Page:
It's not just the largest tax hike in the state's history but the first time in the history of the United States that a state has lifted its income tax, sales tax, and business tax all in the same year.Hence, I have placed a countdown clock at the top right of my blog which tracks the days, hours, and minutes until the tax increases all take effect on January 1 . . . the date on which Maryland officially sends businesses and residents alike scurrying for the Potomac River or the Mason-Dixon Line.
So if you were ever thinking of living in or relocating your business to the Old Line State, please wait until at least 2011. Thanks.
Sunday, December 09, 2007
I'm not happy that anyone must die of AIDS or become HIV-positive. I have a friend who has been HIV-positive for going on 20 years, and I have nothing to fear from him; it's a miracle that he's lived so long.
But that doesn't mean that AIDS has not been an overly politicized disease. I believed that when I had my mandatory AIDS Awareness Training with the government, in which I was indoctrinated with the belief that AIDS was a threat to everyone. Thanks to Michael Fumento, I believe it even more strongly.
Arthur Ashe getting a transfusion with HIV-tainted blood? That was a tragedy. So too is the baby born HIV-positive to a mother with AIDS.
HIV-infected people spreading the disease through entirely preventable measures like sharing needles or promiscuous (usually homosexual) sex? That's a shame, not a tragedy. Again, I'm not wishing them ill, but almost no one has to get AIDS. (That includes my friend, BTW.)
And, as Fumento points out, the AIDS hucksters who need the crisis perpetuated so that they can receive funding (which is what this is all about) love to skew the statistics:
For its data, UNAIDS relied heavily on "sentinel-site surveillance" at prenatal clinics. This system was described and faulted six years ago in Rolling Stone magazine. "If a given number of pregnant women are HIV-positive, the formula says, then a certain percentage of all adults and children are presumed to be infected, too." Such an extrapolation from a small non-representative portion of the population to literally the whole world is nonsense.Read the whole thing.
Including my own BIL.
For some, blue and white loyalty followed the trucks
These fans show a lot more loyalty to the Irsays than the Irsays ever showed them:
Have you forgotten March 28, 1984? I thought so.
Saturday, December 08, 2007
I hate to do this, but since I'm hard up for money, I need to take this post to thank my sponsors:
- Two Guys
- Montgomery Ward
- Seidel's Bowling Center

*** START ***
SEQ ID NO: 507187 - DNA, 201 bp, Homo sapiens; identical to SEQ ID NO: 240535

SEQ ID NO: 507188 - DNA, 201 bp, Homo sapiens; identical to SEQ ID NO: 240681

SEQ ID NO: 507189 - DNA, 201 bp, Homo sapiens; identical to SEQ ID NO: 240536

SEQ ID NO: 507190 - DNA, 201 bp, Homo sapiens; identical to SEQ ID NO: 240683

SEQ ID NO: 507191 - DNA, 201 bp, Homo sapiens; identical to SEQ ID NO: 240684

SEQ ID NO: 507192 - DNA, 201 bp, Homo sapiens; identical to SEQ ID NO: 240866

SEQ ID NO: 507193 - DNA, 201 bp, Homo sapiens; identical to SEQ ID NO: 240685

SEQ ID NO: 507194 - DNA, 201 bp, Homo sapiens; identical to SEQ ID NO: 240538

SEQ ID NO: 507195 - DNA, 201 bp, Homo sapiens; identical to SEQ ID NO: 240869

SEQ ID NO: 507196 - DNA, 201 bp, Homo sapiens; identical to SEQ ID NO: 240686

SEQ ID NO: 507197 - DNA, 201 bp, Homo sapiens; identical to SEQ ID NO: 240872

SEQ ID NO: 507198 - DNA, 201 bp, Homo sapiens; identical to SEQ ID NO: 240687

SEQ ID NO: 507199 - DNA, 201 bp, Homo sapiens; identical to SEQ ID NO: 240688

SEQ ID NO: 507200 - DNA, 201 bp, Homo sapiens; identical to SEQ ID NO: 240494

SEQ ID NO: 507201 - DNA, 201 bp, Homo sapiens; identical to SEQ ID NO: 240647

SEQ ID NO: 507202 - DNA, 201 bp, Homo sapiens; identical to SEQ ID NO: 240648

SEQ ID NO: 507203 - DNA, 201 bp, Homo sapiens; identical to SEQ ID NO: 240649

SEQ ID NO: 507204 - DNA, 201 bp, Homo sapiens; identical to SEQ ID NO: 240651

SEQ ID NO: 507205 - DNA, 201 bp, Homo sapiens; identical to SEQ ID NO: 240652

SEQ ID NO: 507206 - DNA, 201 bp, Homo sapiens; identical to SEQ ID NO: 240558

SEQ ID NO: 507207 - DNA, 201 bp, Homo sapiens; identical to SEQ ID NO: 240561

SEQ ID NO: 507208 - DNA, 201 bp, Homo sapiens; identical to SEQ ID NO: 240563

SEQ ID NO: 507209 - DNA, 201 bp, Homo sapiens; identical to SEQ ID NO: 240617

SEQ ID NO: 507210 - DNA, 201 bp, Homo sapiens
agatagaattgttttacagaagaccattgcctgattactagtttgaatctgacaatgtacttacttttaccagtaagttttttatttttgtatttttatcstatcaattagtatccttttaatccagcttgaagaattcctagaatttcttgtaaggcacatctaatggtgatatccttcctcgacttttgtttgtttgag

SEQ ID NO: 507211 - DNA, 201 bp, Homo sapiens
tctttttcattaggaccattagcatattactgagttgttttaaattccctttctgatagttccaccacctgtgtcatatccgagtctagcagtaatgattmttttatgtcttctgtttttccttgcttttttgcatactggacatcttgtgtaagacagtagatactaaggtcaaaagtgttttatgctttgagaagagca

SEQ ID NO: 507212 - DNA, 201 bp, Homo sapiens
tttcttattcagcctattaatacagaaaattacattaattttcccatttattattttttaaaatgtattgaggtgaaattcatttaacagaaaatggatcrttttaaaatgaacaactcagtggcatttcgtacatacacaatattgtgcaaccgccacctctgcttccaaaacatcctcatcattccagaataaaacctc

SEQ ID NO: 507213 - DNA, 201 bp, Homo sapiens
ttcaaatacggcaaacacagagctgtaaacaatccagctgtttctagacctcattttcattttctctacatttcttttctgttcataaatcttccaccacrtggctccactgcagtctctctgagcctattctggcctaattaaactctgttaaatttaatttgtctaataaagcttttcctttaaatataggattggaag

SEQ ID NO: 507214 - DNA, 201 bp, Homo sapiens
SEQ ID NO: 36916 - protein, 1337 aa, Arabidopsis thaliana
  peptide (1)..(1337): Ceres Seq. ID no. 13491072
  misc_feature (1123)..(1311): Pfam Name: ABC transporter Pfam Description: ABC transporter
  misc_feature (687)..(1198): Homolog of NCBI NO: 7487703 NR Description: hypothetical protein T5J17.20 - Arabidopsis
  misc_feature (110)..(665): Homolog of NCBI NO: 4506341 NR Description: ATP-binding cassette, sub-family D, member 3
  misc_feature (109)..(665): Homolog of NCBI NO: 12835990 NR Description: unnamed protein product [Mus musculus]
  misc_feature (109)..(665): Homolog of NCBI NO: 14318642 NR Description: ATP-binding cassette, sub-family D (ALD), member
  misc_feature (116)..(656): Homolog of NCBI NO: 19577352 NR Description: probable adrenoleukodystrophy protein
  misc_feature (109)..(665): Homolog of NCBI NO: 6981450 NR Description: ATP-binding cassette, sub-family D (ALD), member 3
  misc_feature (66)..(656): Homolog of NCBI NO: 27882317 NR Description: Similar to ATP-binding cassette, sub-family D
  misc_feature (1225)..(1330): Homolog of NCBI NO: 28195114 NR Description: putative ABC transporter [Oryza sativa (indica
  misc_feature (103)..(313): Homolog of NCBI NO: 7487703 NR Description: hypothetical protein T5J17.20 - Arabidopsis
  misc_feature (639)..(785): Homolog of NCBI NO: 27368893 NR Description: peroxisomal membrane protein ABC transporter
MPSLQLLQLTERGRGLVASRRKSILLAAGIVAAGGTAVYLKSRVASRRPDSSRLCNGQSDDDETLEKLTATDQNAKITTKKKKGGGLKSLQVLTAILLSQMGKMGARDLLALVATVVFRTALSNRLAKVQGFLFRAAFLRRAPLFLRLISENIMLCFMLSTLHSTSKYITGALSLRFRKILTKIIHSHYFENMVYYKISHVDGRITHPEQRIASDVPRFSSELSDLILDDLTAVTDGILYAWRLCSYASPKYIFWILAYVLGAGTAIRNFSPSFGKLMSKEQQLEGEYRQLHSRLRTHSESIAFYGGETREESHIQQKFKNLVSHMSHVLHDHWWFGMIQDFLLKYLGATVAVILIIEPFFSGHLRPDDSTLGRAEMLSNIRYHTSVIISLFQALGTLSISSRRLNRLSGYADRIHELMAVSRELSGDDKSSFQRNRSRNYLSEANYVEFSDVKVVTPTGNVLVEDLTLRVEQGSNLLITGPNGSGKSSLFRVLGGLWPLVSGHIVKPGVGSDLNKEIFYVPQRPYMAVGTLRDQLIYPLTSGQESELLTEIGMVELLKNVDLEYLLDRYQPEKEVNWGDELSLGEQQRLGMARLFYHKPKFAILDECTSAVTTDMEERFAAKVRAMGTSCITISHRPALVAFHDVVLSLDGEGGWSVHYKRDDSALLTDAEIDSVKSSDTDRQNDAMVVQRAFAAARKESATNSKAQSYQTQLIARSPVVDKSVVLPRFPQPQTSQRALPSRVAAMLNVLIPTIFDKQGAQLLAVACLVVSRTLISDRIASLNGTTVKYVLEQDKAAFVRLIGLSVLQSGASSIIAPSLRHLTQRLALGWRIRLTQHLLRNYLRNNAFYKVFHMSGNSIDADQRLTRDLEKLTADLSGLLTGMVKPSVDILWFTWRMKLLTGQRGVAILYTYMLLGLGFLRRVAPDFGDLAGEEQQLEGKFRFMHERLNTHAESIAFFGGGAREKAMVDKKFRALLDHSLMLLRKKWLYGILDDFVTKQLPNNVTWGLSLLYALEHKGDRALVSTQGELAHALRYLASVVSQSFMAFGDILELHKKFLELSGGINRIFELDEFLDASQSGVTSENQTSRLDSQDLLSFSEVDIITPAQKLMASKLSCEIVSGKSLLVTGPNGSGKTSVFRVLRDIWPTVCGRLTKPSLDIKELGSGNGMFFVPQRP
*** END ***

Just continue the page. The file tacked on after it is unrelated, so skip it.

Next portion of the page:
- Haussner's Restaurant
- Pantry Pride
- Burger Chef ("Incrediburgible!")
- Read's Drugs
- Gwynn Oak Amusement Park
- The Enchanted Forest
- Peoples Drug Stores
- Thrifty Drug
- Edmondson Drive-In
- The Dan-Dee Restaurant
- Font Hill Golf Course
- Equitable Bank
- Dart Drug
- The Gettysburg Battlefield Tower
- Golden Ring Mall
- Hochschild Kohn
- Crown Central Petroleum
- The Baltimore Skipjacks
- G.C. Murphy
- Big Valu Supermarkets
- Toy Barn
Under my Catholic Blogs section, check out the writings/homilies of Fr. Jack Lombardi, chaplain of the National Shrine Grotto of Our Lady of Lourdes at Mount St. Mary's University in Emmitsburg, MD (a.k.a. "Mary's Mountain"). I have considerable respect for his devotion to the Eucharist and to the Blessed Mother, his preaching ability, his knack for getting straight to the point, and his reminders to me about what we Catholics believe. (His singing ability, not so much. :-)) If you're an Amazing Race fan, Fr. Jack's recollections of a missionary trip to Tanzania that he led this past summer are a good read: part 1 and part 2. I'd love to do that someday.
If you're not Catholic, check it out anyway; plus, there are links to pastors of other faiths in the northern Frederick County area.
Thursday, December 06, 2007
(format shamelessly swiped from Em B's "mailbox" posts)
Dear "Smooth Jazz" Station Program Director,
Can you tell me what the following all have in common?
- Phil Collins
- Al Stewart
- Steely Dan
- Earth, Wind, and Fire
- The Doobie Brothers
NONE OF THEM ARE JAZZ ARTISTS!!!
And it matters not whether I like them otherwise. But you play them all -- and more -- on your so-called "smooth jazz" stations! What, have the Gordon Lightfoot CDs not come in yet?
Fortunately, I don't have to listen to your silly stations. I have XM 71, Watercolors, programmed by those who know what jazz is. And, more importantly, what it is not.
Just thought I'd let you know that before I return you to your Sounding Like Every Other Station On The Dial already in progress.
Moving on after the death of FM radio,
Wednesday, December 05, 2007
Although it was snowing for the first time this winter, giving us 4 inches instead of the predicted 2, the mail came today as usual. Therefore, I planned to swing by the post office in nearby Buckeystown to mail off a couple packages to a couple deserving peeps.